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UP-NORTH Report Summary

Project ID: 617777
Funded under: FP7-IDEAS-ERC
Country: United Kingdom

Periodic Report Summary 3 - UP-NORTH (COLONISATION AND CULTURAL DIVERSIFICATION IN UNFAMILIAR LANDSCAPES)

UP-NORTH is exploring the chronological and environmental context of the Late Glacial re-colonisation of northern Europe by Late Palaeolithic hunter-gatherer populations, and the subsequent cultural diversifications that took place within this geographical region with the development of the Final Palaeolithic. The project’s geographical focus stretches from the British Isles in the west, to Poland in the east, and from Switzerland in the south to the North and Baltic Sea coasts in the north. UP-NORTH aims to provide a Europe-wide perspective on the environmental and chronological context of the expansion and development of human occupations in northern latitudes during the Late Glacial.

The project’s objectives are being met following 3 lines of integrated research:
1) A refined chronological understanding of the rate and timing of re-colonisation(s) and cultural diversification(s) is being developed by producing new/improved chronologies for key archaeological sites through radiocarbon dating animal remains that show direct evidence of human manipulation, or that can confidently be associated with human activity. New sample pre-treatment methodologies are allowing us to more successfully remove contaminants from samples, allowing us to produce more reliable radiocarbon dates.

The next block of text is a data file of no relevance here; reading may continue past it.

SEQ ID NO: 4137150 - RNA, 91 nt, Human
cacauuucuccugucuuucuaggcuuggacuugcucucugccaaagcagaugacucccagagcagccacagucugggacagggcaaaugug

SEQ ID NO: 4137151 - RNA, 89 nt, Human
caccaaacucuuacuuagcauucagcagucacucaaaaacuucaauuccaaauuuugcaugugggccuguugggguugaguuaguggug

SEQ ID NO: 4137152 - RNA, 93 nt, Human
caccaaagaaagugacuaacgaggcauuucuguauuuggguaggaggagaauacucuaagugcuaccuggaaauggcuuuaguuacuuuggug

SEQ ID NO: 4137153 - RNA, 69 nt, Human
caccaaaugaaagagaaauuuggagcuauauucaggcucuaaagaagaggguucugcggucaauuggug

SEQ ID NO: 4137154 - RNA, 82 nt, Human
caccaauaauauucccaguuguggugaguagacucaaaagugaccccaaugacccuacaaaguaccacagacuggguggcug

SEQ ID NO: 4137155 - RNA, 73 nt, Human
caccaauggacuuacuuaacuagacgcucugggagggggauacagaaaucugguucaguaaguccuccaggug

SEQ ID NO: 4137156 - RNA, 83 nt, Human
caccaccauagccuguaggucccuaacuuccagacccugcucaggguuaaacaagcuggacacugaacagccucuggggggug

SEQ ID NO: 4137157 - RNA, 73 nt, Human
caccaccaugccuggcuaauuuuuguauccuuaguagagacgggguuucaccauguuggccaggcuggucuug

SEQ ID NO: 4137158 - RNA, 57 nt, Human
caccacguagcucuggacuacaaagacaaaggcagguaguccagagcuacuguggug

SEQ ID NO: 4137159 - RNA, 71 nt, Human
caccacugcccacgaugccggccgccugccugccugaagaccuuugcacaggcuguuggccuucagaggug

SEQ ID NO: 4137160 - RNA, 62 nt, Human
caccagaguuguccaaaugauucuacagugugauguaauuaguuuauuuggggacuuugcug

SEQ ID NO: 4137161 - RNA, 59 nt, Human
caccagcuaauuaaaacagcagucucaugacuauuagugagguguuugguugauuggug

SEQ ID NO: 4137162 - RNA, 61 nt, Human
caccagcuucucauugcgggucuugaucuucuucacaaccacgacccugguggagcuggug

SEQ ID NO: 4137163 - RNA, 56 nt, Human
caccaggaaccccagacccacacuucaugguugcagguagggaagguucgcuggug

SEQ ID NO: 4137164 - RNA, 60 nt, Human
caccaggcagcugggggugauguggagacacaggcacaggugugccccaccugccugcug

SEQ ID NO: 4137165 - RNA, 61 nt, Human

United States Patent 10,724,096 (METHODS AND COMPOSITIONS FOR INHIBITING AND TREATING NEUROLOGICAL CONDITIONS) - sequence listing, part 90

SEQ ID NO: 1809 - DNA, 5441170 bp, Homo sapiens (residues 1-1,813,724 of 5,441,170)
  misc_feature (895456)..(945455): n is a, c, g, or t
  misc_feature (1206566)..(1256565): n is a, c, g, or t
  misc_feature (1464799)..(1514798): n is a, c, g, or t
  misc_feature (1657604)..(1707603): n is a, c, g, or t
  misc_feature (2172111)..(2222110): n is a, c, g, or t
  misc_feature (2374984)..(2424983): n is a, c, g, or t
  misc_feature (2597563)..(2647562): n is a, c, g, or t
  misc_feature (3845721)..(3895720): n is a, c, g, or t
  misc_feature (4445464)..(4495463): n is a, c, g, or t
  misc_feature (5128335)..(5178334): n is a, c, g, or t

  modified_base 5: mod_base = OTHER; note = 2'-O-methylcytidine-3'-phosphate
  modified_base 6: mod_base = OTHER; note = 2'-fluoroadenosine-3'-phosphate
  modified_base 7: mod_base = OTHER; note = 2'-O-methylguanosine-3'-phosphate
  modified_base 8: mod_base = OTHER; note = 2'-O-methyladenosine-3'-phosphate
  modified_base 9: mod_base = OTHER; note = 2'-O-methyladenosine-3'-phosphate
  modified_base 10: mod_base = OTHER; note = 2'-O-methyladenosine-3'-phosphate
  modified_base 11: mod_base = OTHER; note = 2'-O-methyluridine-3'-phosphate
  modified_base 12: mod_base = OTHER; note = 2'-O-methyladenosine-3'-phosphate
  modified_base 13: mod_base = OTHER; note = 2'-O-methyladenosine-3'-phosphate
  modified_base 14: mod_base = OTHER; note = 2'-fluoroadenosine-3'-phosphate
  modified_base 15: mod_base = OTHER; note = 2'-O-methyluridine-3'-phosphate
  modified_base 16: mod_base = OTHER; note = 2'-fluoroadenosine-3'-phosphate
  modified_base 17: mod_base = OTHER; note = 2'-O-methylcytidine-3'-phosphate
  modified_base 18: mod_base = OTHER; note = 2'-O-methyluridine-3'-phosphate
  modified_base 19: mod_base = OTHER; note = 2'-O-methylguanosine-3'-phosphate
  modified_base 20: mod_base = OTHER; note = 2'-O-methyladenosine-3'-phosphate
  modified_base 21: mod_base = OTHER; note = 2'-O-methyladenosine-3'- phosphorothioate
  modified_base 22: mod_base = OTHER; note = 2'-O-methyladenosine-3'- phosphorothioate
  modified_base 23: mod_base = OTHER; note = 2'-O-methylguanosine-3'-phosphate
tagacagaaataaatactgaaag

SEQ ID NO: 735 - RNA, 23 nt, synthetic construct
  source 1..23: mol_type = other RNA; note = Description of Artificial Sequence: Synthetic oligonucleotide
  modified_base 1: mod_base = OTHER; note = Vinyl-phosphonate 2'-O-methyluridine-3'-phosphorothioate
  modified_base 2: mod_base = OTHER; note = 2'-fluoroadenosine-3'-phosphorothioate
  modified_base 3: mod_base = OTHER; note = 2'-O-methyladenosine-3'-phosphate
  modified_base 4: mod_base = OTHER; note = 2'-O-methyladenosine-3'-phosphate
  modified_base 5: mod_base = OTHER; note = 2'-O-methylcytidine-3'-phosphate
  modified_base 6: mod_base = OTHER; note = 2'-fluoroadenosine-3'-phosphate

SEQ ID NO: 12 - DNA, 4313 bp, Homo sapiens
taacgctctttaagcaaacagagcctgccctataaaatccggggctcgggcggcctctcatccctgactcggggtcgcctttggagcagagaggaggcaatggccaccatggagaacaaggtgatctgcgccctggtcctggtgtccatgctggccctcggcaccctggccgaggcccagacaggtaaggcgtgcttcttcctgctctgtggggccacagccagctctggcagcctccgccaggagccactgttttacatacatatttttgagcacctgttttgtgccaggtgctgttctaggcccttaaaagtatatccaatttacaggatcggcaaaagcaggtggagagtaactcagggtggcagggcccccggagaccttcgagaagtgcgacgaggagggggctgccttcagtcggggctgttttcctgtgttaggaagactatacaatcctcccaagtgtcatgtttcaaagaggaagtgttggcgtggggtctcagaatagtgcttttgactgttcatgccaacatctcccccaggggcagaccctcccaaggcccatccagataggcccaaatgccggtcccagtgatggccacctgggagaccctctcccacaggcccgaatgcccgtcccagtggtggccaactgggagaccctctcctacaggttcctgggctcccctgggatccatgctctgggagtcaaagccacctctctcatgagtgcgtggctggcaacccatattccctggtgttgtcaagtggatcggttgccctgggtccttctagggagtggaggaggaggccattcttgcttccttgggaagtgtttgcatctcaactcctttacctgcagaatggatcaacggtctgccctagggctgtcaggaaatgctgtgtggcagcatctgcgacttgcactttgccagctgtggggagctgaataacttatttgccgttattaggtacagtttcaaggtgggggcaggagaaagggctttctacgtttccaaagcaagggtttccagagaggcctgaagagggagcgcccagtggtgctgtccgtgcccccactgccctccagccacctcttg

2) High-resolution palaeoenvironmental reconstructions based on stable isotope analysis of animal bones are being used to infer the environments and landscapes in which re-colonisation/cultural diversification took place. We are analyzing the main prey species (horse, reindeer, large bovids, and red deer) of Late Glacial populations. Specimens that show direct evidence of human modification, or that can be securely attributed to archaeological contexts, are being used so that the environmental data we are producing can be directly linked to the chronology and archaeology. Carbon, nitrogen, and sulphur isotopes in collagen, and oxygen and carbon in tooth enamel carbonates are being used to build an integrated picture of animal behavior, ecology, environment and climate. By sampling different skeletal elements, the data we are obtaining is on varying temporal scales, ranging in resolution from sub-annual (intra-tooth enamel samples) to the multi-year (bone samples). These palaeoenvironmental records are being compared to regional and global records of climate change to assess the spatial and temporal intricacies of the Late Glacial environment.

3) Migration and population movement are being considered for the main prey species hunted by humans in the late glacial environment. Through aDNA (bone/dentine samples) and strontium isotope analysis (intra-tooth enamel samples) local population extinctions, expansions, migrations and admixture are being investigated and compared to hunting technologies and palaeoenvironmental and climatic data.

By applying these approaches to Late Glacial archaeological faunal specimens from across northern Europe, UP-NORTH is investigating spatial and temporal aspects of human population movement and technological change against the backdrop of climate change and landscape evolution.

Reported by

UNIVERSITY COLLEGE LONDON
United Kingdom
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